Customer feedback is key to understanding what people really think about your organisation, products, services, pricing and whether you’re actually giving people what they want and expect. All this information passes through the contact centre and can be effectively and efficiently gathered via customer and advisor surveys.
Looking beyond surveys, it’s important to look at the interactions with customers. These are a goldmine of insight and can include the content of the interaction, the customer language and the sentiment they used, in addition to the key messages they relayed.
This feedback can be used to adapt processes to improve the overall customer experience. Technology plays a role in harnessing this feedback by equipping advisors with the right tools, but it’s equally important that advisors have the knowledge and skills to hear and understand what customers are communicating, via whichever channel they’re using.
4. Implement real-time reporting
Contact centres are probably one of the most heavily reported and monitored environments that exist. The centres are built on a myriad of reports, Service Level Agreements (SLAs) and Key Performance Indicators (KPIs). All this reporting is important, but it needs to have a purpose and to be rooted in customer experience.
For example, from a real-time perspective, it’s important to pull trends analysis that identifies traffic flows to the contact centre. Firstly, look at the reporting to see what is causing the spikes in traffic i.e. is it a process or customer service failure, or is it the result of promotional marketing activity? Secondly, analyse how the customer experience is affected during the spikes. Is the quality of FCR maintained? Are customers getting the response they require and in line with the SLAs that they’ve been promised?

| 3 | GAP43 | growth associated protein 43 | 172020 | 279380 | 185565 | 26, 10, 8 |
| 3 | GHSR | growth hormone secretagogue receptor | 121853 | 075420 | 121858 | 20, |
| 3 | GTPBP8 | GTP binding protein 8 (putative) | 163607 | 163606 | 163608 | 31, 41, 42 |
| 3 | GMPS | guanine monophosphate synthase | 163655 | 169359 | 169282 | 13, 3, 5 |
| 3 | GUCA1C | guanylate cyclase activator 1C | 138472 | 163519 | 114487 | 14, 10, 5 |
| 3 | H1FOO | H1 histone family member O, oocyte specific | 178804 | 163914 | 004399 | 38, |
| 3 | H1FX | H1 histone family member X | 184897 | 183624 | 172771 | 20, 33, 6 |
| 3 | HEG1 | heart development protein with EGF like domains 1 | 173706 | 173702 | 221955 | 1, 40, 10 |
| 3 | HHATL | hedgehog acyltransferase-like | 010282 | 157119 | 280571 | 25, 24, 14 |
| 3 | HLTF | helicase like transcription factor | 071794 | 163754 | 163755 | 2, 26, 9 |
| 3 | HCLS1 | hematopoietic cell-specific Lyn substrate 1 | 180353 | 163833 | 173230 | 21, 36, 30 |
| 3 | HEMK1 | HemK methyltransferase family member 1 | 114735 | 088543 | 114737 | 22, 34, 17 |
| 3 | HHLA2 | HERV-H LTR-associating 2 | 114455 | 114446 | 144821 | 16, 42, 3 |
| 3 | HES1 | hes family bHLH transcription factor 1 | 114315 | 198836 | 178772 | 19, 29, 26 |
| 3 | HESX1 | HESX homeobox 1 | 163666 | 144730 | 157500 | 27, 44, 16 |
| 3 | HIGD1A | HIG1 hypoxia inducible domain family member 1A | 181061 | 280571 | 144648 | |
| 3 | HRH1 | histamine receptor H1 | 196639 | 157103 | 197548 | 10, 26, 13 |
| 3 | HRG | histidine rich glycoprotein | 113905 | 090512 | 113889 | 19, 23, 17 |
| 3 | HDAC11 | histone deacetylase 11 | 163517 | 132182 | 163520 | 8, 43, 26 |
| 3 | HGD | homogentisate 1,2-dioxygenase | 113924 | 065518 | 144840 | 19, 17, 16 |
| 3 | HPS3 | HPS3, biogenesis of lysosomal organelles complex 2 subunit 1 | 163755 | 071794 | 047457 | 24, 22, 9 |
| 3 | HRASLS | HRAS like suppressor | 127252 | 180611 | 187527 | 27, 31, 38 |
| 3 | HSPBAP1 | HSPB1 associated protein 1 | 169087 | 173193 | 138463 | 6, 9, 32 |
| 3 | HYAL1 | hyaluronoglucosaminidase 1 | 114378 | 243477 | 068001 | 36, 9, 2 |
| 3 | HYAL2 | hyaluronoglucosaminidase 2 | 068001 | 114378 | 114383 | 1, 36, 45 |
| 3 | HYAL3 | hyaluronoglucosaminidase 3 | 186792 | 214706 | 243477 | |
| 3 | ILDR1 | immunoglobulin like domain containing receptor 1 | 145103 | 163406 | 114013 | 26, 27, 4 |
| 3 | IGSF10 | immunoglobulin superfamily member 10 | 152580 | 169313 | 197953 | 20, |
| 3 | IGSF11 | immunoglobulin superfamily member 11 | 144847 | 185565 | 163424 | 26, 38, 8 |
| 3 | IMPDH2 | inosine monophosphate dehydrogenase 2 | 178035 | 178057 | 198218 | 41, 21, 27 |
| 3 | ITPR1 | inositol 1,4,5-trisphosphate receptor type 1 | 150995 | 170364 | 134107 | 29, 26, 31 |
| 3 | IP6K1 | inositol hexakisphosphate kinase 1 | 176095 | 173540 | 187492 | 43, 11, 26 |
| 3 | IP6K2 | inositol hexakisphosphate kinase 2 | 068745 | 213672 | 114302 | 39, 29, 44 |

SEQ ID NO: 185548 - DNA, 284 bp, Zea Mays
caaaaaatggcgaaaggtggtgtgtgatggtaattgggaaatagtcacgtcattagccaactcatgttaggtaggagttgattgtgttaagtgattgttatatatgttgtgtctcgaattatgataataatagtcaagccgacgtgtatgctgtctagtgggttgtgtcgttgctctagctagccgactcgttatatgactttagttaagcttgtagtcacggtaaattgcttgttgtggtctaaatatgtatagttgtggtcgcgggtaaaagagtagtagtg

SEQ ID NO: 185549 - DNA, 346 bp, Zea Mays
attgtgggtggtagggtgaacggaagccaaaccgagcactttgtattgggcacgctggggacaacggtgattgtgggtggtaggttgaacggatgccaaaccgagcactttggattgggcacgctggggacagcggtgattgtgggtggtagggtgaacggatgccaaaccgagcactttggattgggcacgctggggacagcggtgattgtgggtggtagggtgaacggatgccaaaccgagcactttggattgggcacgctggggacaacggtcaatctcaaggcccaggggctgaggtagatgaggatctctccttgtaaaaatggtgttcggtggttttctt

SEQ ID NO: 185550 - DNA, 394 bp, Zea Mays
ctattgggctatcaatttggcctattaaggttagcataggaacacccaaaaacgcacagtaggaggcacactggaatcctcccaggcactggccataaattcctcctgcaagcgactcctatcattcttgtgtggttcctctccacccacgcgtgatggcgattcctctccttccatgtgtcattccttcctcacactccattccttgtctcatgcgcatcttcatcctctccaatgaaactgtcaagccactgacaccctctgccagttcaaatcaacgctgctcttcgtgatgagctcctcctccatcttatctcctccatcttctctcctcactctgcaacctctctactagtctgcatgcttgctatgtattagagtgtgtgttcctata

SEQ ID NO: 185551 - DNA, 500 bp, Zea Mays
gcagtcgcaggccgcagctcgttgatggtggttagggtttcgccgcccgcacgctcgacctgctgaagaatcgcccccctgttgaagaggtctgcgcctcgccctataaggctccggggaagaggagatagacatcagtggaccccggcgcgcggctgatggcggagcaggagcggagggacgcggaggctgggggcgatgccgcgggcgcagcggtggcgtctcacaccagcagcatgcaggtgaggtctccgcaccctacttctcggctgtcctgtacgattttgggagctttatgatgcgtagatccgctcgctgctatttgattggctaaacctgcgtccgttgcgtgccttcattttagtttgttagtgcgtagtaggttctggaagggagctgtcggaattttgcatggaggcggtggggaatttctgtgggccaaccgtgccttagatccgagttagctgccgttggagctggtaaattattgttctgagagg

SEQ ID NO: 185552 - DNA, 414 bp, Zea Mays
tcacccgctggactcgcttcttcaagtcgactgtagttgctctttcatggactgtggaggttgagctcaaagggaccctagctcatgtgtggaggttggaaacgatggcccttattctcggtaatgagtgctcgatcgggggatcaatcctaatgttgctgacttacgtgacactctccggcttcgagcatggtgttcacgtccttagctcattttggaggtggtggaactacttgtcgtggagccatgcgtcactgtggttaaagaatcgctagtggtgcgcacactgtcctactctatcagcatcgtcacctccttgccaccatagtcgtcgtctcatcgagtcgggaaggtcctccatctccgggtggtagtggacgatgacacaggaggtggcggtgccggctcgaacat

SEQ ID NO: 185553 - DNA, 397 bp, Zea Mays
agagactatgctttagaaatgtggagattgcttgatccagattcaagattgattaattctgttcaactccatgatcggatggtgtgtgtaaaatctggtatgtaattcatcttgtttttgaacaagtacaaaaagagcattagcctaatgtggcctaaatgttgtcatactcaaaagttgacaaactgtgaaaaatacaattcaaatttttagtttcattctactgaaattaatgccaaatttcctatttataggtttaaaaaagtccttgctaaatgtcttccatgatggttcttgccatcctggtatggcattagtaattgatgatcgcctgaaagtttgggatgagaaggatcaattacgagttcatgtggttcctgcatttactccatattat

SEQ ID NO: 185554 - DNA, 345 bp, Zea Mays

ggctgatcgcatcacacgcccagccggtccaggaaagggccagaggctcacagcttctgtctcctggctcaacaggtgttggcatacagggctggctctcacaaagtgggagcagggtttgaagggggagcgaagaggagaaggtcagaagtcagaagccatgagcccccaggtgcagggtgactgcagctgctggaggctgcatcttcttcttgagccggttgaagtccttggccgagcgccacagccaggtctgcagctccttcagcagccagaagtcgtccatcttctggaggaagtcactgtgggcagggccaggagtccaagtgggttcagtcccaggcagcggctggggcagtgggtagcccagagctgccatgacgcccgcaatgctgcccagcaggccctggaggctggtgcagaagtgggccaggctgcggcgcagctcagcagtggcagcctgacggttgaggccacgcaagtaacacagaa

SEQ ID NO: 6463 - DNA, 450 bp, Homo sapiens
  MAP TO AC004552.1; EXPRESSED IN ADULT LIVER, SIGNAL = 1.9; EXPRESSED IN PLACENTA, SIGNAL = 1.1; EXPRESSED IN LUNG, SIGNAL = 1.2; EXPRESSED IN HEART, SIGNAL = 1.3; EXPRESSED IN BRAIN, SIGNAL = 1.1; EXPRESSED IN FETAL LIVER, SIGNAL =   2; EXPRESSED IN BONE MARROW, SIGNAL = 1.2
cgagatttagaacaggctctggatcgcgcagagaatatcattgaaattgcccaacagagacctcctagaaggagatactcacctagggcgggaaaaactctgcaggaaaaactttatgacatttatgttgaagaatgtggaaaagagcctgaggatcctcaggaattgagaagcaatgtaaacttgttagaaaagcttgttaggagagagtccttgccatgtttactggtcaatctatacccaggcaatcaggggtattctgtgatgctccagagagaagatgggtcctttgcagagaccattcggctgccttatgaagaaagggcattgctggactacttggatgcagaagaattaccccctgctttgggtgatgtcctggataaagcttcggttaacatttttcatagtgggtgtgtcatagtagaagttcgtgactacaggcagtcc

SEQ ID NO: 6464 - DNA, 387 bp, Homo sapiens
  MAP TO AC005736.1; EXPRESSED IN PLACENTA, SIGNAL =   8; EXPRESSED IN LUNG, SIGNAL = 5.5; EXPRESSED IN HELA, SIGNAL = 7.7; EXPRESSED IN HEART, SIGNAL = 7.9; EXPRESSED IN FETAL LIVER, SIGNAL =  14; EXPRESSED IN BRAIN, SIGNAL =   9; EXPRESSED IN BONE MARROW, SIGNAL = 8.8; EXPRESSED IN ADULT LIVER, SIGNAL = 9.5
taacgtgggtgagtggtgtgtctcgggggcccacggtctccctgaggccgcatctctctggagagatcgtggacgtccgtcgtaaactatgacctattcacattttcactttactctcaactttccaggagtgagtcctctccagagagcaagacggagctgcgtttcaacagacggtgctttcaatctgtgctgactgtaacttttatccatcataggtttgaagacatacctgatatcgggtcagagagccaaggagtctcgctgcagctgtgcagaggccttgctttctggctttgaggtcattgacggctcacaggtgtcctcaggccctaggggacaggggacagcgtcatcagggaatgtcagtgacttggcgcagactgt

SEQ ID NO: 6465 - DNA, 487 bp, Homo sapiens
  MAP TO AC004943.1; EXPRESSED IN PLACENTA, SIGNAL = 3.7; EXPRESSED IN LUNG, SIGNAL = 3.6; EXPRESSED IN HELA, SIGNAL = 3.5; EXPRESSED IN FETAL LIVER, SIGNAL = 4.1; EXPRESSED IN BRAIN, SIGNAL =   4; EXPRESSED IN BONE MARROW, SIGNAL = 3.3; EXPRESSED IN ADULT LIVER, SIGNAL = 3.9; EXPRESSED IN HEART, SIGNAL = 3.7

After reports have been pulled and analysed, contact centres can then only derive true value by using the information to improve the customer experience, instead of using it as a whipping tool to drive productivity. A data led approach to enhancing customer experience will help move the contact centre from a cost to a profit centre as this approach inevitably improves overall efficiency.
5. Know when to cross-sell and up-sell
It’s all too easy for contact centres to use any customer interaction as an opportunity to promote wider products and services. Advisors are often too heavily scripted and pressured to push the sales opportunity, regardless of the sentiment of engagement with the customer. This can cause customers to become frustrated as they are being sold to when they have an outstanding issue or the cross and up-sell having a very short lifetime value as the ‘sale’ has been agreed at the wrong time. The customer says ‘yes’ during the interaction because they’re keen to end their engagement with the advisor. Then, a short-time later, will reflect on what they’ve hastily agreed to and end-up cancelling the agreement. As a result, an otherwise avoidable increase in contact centre traffic is generated, adding cost for the organisation.
Empowering advisors to properly listen to the customer and to spot a relevant opportunity for cross and up-selling will prove more successful in driving new sales.
Today’s contact centres have the technology at their disposal to better understand the customers they’re connecting with and the circumstances under which they’re engaging. This, coupled with a move towards putting customer experience first and using this to reshape performance metrics, can help call centres to boost bottom lines.Posted by Parseq Posted on 13 Dec